Jeff, Researcher, School Founder & Father, CA
Jeff is a long-time former teacher in Oakland, a professor and researcher in San Francisco, and the founder of the Roses in Concrete School in Oakland. He is also a father to 2 twin boys. He was interviewed by Nicole, an avid fan of his work.
When you think of your children into adulthood, what would comprise a good life?
I'm clear about the fact that if my son's were to "succeed" in school and then chase a career, they would be unhealthy. Now their bank account might be healthy, but they won't be healthy. And likewise, if they genuinely pursue their passion, then other things start to take care of themselves so to speak. If you're passionate about what you're doing, you'll find a way to make ends meet. You'll be whole. You'll be much more fulfilled and you'll be around people that have similar interests and similar passions. It may take you longer to get to a place of relative economic stability, but you'll get there because you'll be driven in a different way. You'll be driven by purpose instead of profit.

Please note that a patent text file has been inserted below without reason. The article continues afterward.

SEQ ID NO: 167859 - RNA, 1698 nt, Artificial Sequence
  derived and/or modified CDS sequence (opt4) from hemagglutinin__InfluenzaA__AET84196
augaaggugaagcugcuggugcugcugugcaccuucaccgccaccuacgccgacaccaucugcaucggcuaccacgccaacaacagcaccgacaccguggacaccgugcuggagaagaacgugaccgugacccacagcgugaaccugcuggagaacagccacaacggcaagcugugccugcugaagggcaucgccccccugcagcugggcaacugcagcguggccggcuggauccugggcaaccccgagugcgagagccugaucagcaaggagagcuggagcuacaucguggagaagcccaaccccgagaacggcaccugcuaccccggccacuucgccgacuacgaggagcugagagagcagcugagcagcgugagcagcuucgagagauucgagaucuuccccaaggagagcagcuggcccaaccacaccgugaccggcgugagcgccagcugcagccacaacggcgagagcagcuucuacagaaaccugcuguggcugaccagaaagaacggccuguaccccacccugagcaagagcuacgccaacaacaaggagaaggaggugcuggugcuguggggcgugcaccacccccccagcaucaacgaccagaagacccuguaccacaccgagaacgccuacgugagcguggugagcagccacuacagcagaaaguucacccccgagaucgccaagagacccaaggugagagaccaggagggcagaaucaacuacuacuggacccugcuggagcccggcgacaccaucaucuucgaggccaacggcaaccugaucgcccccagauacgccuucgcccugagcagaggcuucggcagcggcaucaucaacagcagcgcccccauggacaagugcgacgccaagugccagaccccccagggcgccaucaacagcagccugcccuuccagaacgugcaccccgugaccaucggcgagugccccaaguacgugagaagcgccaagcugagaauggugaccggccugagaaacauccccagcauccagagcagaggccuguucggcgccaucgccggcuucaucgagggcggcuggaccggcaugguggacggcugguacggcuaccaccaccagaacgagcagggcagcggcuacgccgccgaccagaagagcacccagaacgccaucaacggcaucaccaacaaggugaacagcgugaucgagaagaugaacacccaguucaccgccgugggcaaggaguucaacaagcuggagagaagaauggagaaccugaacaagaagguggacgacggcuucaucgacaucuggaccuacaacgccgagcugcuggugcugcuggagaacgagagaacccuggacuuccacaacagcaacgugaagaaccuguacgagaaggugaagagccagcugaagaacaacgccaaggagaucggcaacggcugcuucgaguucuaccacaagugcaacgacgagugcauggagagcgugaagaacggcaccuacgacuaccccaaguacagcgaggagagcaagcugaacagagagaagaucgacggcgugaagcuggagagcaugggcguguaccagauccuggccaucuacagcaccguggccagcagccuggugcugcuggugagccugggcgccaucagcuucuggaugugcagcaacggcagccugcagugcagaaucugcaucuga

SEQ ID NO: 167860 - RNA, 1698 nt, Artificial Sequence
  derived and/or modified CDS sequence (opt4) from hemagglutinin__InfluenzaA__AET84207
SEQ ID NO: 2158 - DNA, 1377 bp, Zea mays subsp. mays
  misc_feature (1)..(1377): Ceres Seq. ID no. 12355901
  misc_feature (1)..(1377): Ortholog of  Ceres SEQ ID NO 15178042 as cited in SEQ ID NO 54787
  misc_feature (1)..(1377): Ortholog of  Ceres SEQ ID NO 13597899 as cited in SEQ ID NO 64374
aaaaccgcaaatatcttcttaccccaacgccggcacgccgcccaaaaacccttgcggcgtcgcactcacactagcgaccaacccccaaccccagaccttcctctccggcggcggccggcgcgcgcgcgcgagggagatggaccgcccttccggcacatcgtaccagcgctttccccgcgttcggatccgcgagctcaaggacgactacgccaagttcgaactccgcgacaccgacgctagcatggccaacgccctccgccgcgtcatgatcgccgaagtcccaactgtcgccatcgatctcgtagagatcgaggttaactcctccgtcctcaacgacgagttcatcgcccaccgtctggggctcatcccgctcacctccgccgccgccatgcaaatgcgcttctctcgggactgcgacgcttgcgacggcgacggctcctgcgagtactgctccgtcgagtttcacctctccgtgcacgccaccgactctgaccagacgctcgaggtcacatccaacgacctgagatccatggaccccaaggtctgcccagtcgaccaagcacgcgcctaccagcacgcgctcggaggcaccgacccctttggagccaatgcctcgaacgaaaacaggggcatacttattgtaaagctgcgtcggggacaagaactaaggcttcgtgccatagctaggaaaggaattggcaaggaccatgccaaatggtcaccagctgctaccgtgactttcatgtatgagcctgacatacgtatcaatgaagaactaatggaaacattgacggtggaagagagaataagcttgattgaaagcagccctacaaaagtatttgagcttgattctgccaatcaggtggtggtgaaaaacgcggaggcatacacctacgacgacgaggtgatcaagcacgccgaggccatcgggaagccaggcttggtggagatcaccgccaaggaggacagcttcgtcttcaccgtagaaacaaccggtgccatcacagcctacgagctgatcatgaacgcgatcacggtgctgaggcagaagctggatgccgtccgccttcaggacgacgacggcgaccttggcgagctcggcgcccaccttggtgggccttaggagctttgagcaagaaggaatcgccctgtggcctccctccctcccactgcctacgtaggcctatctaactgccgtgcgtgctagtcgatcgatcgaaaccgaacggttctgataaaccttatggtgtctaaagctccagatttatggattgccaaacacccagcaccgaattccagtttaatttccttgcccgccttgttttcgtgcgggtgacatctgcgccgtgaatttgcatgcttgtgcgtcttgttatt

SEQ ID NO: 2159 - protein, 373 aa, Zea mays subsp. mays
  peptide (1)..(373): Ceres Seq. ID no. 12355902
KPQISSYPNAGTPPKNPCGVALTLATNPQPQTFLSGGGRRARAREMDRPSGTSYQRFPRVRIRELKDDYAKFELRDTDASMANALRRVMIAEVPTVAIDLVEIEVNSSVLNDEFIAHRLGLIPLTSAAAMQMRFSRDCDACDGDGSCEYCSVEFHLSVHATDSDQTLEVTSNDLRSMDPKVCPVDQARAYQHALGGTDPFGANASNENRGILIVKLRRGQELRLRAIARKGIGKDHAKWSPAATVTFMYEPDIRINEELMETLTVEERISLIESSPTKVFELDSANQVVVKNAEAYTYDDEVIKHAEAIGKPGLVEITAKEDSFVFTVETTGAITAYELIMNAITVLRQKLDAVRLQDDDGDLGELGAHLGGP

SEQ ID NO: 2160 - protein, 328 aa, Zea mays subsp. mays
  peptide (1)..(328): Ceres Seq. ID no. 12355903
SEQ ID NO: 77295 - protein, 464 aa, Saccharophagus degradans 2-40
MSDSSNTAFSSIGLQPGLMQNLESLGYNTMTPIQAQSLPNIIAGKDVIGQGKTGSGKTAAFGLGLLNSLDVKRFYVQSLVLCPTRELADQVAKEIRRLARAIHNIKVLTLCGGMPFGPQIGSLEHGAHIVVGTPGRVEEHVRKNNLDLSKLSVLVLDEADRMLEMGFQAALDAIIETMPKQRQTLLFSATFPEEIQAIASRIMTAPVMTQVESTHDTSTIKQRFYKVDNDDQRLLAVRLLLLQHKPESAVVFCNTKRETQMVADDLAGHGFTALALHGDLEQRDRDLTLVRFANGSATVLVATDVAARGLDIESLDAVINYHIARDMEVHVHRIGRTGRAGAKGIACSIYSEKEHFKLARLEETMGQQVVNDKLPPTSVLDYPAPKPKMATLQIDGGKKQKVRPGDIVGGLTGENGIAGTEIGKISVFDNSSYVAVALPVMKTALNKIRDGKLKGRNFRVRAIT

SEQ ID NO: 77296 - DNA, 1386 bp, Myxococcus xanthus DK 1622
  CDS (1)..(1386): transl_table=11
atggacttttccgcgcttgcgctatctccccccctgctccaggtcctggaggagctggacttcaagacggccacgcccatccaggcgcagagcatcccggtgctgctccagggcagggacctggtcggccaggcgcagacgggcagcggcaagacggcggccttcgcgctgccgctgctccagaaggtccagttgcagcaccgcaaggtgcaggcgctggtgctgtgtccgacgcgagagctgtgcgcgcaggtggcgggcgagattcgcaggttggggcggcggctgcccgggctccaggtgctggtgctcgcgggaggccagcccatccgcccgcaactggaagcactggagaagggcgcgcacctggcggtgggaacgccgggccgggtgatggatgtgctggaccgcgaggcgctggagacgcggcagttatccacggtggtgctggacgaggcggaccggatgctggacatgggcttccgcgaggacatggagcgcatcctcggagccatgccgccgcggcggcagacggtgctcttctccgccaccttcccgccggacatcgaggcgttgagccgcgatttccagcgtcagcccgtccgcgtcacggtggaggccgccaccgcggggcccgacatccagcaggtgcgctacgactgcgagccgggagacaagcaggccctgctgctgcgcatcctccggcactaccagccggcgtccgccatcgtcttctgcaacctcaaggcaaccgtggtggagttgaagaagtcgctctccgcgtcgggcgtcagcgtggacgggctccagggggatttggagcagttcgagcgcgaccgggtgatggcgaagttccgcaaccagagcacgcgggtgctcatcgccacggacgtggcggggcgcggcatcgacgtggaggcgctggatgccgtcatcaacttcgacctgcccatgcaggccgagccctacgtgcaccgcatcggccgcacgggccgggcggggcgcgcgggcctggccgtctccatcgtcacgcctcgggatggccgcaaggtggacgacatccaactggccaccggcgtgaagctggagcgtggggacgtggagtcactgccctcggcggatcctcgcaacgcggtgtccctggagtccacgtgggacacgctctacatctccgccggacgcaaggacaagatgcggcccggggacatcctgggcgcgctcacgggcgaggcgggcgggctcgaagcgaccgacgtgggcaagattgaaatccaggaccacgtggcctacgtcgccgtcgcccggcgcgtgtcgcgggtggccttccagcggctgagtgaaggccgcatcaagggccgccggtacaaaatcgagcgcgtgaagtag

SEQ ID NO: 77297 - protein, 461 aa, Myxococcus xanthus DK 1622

What is the role of schooling in achieving that good life?
It varies widely. If I had to reduce it down to something what it looks like is really deeply caring, invested relationships, both between the adults and the children and families but also between children. That you would see care in every pocket and that care would be the response to classic developmental challenges that children face like bullying and self-esteem...I think that schools currently remain silent to a large degree on those issues, or even contribute to them. That's the major pivot, is that schools become much more about relationship and much more about listening to, protecting, and wrapping our arms around children. And then those are the outcomes we chase, those are the things we measure. The depth and quality of relationships amongst the children, that they feel cared about, loved and protected.